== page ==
Apple did, as we expected, also bring some software enhancements to the Apple Watch, which believe it or not, is still just a few months old, something we just can’t quite believe and we’re wearing the dang thing. Whilst this is no Apple Watch review, we must say the device has surprised a lot of our expectations, from battery life, to feel on the arm, to really how much we’re using and enjoying using the device overall, things we never thought we’d be saying about the thing, and now with ‘watchOS 2’, things are finally getting kicked up that extra notch.
Native app support
Finally, Apple is allowing developers the freedom for all their applications to not necessarily rely on the paired iPhone exclusively to not only run, but initiate. This isn’t just a big deal in terms of preference as it will all go down to the Apple S1 processor to run the apps more quickly, but it’s great for apps that may literally just want the tiniest of Watch hardware access, such as Shazam which can now access the Watch microphone and not have to rely on the iPhones, third party messaging apps can now be used to respond, this is a massive update which is going to take the Apple Watch even further than the leader in its own right it already is.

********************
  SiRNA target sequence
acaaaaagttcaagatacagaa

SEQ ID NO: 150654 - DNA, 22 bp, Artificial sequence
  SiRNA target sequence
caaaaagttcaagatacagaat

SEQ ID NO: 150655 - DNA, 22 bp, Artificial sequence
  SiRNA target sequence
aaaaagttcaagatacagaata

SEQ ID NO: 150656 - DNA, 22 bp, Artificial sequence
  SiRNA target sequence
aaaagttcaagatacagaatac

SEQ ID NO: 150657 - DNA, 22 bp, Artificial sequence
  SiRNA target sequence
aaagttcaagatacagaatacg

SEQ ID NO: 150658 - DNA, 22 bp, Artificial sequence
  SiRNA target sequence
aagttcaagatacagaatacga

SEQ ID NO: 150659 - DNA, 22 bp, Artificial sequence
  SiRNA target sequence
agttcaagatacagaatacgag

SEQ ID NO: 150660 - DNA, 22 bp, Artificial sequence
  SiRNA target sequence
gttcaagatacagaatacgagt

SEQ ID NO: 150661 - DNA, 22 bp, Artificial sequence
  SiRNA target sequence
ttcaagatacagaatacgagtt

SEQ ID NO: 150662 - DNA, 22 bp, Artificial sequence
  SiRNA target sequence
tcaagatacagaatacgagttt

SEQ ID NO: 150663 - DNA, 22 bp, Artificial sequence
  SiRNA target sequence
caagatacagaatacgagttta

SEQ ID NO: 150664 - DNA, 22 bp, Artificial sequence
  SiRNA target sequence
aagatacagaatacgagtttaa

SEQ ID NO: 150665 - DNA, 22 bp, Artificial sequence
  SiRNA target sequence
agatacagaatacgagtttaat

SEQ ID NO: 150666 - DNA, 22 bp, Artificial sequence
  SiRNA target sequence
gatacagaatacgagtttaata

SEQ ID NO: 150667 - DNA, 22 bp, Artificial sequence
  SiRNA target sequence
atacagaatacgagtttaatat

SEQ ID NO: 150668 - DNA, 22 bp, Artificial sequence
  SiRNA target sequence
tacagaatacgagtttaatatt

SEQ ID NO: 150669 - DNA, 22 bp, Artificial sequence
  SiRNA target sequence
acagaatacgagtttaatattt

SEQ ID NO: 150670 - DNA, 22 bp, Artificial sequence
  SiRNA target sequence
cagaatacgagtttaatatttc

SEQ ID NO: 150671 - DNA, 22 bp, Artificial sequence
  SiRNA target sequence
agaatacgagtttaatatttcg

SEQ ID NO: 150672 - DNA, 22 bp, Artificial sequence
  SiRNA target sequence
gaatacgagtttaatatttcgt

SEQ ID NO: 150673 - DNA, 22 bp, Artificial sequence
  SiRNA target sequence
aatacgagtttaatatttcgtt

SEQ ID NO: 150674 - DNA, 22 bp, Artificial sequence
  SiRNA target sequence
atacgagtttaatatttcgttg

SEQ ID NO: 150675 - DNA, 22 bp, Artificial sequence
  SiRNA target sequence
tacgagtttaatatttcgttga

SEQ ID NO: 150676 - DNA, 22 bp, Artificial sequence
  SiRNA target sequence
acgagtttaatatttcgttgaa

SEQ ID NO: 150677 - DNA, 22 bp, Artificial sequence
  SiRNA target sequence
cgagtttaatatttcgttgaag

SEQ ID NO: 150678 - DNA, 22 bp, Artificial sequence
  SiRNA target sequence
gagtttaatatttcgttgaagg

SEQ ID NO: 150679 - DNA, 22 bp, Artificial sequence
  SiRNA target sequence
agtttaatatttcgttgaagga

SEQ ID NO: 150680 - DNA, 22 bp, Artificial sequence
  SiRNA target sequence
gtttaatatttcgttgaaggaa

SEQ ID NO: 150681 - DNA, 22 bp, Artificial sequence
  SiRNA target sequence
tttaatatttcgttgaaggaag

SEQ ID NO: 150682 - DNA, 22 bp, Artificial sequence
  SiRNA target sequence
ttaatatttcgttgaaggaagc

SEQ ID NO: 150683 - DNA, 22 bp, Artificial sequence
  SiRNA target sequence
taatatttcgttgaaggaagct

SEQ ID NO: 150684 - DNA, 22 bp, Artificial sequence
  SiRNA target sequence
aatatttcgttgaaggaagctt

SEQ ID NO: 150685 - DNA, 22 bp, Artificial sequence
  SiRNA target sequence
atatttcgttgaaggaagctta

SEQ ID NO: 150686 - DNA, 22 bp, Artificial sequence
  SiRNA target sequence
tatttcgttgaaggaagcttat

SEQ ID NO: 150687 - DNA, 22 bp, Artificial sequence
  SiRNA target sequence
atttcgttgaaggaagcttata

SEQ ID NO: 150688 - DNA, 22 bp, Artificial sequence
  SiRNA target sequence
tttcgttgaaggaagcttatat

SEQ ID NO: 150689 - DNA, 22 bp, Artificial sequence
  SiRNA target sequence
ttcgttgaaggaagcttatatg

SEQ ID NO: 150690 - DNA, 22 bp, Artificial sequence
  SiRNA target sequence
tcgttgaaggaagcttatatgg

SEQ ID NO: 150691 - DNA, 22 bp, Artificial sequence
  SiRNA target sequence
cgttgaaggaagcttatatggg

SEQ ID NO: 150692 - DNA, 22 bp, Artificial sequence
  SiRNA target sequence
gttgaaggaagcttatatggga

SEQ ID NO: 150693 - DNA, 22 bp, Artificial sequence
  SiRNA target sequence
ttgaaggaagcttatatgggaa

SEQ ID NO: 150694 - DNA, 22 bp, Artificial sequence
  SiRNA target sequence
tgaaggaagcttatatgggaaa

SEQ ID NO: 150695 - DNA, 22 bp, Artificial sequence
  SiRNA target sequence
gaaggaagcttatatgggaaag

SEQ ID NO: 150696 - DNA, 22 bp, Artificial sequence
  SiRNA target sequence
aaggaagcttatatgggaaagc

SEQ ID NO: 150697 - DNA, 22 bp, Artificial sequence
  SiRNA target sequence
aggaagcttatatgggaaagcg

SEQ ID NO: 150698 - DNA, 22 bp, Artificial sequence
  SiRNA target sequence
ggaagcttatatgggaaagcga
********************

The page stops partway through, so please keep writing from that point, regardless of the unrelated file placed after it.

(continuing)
Native apps will also be able to access, as well as the microphone, the full processor, heart rate sensor, health information with consent and so much more.
New Watch faces
It was always going to be coming, Apple have some extra Watch face options you can choose from, whilst Apple still aren’t completely allowing full access for Developers to create custom Watch faces, Apple pretty much are covering the boundaries for what the average consumer would likely want from the current ones.
The two major change in Apple’s Watch Faces is a big update to the Photos Watch Face, which displays a digital clock and date aside from an image, which currently is just 3 pictures of weird flowers. Now, with watchOS 2, you can now only pick any Photo of your own or a Slideshow Photo Album, but you can select some animated Timelapses of cities around the world.